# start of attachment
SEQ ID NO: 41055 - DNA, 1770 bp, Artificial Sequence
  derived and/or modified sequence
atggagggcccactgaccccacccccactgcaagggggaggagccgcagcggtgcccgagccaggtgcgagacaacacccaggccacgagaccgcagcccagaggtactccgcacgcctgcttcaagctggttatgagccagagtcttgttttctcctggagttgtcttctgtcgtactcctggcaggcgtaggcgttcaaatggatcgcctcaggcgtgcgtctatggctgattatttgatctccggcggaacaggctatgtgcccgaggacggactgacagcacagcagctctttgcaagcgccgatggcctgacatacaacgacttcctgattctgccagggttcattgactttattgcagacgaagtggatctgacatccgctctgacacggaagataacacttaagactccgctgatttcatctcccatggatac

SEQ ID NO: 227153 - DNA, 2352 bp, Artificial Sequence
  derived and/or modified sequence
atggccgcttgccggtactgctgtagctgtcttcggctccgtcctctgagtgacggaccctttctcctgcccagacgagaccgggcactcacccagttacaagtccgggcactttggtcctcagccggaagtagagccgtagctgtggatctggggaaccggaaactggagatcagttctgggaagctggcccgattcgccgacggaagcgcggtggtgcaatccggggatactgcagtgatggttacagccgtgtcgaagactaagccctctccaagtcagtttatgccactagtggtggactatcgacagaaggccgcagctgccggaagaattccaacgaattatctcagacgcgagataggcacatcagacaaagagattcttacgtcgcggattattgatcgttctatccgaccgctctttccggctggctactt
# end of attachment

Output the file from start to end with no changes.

SEQ ID NO: 41055 - DNA, 1770 bp, Artificial Sequence
  derived and/or modified sequence
atggagggcccactgaccccacccccactgcaagggggaggagccgcagcggtgcccgagccaggtgcgagacaacacccaggccacgagaccgcagcccagaggtactccgcacgcctgcttcaagctggttatgagccagagtcttgttttctcctggagttgtcttctgtcgtactcctggcaggcgtaggcgttcaaatggatcgcctcaggcgtgcgtctatggctgattatttgatctccggcggaacaggctatgtgcccgaggacggactgacagcacagcagctctttgcaagcgccgatggcctgacatacaacgacttcctgattctgccagggttcattgactttattgcagacgaagtggatctgacatccgctctgacacggaagataacacttaagactccgctgatttcatctcccatggatac

SEQ ID NO: 227153 - DNA, 2352 bp, Artificial Sequence
  derived and/or modified sequence
atggccgcttgccggtactgctgtagctgtcttcggctccgtcctctgagtgacggaccctttctcctgcccagacgagaccgggcactcacccagttacaagtccgggcactttggtcctcagccggaagtagagccgtagctgtggatctggggaaccggaaactggagatcagttctgggaagctggcccgattcgccgacggaagcgcggtggtgcaatccggggatactgcagtgatggttacagccgtgtcgaagactaagccctctccaagtcagtttatgccactagtggtggactatcgacagaaggccgcagctgccggaagaattccaacgaattatctcagacgcgagataggcacatcagacaaagagattcttacgtcgcggattattgatcgttctatccgaccgctctttccggctggctactt